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Helen Cooper, Charlotte Brontë
Parade's End (Vintage Classics)
Ford Madox Ford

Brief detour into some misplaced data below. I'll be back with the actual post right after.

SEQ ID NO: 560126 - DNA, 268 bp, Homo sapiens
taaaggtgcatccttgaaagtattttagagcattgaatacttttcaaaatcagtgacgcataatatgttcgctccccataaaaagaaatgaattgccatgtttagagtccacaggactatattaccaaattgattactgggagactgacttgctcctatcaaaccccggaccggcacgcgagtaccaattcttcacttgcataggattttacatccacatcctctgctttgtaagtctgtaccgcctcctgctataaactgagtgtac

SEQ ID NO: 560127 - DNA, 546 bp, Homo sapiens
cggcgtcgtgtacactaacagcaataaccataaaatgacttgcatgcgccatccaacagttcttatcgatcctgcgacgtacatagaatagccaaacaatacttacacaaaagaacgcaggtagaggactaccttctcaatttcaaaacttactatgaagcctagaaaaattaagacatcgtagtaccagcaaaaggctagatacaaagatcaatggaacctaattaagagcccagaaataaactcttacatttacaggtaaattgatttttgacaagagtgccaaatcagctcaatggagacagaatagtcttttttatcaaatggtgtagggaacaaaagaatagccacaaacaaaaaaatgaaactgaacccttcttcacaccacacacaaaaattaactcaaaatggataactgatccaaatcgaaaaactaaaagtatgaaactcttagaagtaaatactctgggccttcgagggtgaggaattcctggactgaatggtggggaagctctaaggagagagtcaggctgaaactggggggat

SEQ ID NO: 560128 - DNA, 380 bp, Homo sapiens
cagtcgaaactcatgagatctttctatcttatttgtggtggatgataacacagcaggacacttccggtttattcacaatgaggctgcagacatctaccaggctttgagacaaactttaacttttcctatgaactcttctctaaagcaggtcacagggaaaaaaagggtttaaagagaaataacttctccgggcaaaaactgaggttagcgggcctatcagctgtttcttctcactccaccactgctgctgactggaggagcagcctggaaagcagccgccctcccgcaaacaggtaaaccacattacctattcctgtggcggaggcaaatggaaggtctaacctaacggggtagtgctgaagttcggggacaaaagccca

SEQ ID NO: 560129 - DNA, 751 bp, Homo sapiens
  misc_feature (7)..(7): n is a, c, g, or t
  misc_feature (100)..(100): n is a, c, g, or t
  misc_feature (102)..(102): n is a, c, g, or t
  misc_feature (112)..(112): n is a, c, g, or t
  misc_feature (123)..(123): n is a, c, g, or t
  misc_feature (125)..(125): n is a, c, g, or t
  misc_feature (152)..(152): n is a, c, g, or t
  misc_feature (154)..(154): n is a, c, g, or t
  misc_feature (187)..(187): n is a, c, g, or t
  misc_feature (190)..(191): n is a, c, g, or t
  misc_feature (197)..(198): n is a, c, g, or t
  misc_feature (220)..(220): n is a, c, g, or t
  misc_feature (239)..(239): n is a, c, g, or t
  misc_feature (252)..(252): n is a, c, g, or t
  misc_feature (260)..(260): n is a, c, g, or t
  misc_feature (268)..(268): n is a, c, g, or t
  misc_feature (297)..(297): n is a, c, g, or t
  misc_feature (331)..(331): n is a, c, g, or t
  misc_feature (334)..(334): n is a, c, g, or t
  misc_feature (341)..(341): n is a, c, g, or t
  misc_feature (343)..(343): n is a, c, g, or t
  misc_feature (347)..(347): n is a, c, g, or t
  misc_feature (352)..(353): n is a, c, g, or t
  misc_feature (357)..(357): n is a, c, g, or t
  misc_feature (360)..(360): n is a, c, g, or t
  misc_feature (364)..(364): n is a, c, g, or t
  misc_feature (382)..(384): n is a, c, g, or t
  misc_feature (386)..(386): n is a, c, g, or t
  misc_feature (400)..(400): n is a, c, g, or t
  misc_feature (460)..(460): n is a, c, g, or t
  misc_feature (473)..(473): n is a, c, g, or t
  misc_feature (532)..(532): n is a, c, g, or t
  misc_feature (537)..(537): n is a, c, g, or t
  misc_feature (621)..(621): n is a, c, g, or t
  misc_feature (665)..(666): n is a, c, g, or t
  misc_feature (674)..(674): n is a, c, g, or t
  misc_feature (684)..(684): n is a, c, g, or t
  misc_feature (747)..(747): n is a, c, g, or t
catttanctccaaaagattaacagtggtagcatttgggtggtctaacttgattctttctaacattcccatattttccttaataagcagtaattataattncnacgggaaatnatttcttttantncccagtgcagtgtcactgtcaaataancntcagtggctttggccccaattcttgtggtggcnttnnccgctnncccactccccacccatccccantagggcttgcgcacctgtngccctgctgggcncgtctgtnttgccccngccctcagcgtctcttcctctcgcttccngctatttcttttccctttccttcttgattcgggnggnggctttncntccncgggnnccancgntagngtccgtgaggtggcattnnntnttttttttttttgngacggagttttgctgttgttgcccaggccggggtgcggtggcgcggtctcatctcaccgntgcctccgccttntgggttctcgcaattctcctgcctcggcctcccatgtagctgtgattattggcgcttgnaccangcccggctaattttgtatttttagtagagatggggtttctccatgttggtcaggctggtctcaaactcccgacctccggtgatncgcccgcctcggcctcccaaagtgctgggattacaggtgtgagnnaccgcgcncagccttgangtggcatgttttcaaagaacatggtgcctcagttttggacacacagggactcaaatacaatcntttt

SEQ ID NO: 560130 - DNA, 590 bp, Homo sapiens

Lasting: Poems on Aging - Meg Files This is a wonderful collection, but I can only read a bit at a time. Who wants to contemplate aging more than that?Here's a taste:A Postmortem GuideFor my eulogist, in advanceDo not praise me for my exceptional serenity.Can't you see I've turned awayfrom the large excitements,and have accepted all the troubles?Go down to the old cemetery; you'll seethere's nothing definitive to be said.The dead once were all kinds—boundary breakers and scalawags,martyrs of the flesh, and so manydumb bunnies of duty, unbearably nice.I've been a little of each.And, please, resist the temptationof speaking about virtue.The seldom-tempted are too fondof that word, the small-spirited, the unburdened.Know that I've admired in othersonly the fraught strainingto be good.Adam's my man and Eve's not to blame.He bit in; it made no sense to stop.Still, for accuracy's sake you might sayI often stopped,that I rarely went as far as I dreamed.And since you know my hardships,understand they're mere bump and setbackagainst history's horror.Remind those seated, perhaps weeping,how obscene it isfor some of us to complain.Tell them I had second chances.I knew joy.I was burned by books earlyand kept sidling up to the flame.Tell them that at the end I had no needfor God, who'd become just a storyI once loved, one of manywith concealments and late-night rescues,high sentence and pomp. The truth isI learned to live without hopeas well as I could, almost happily,in the despoiled and radiant snow.You who are one of them, say that I lovedmy companions most of all.In all sincerity, say they provideda better way to be alone. -- Stephen Dunn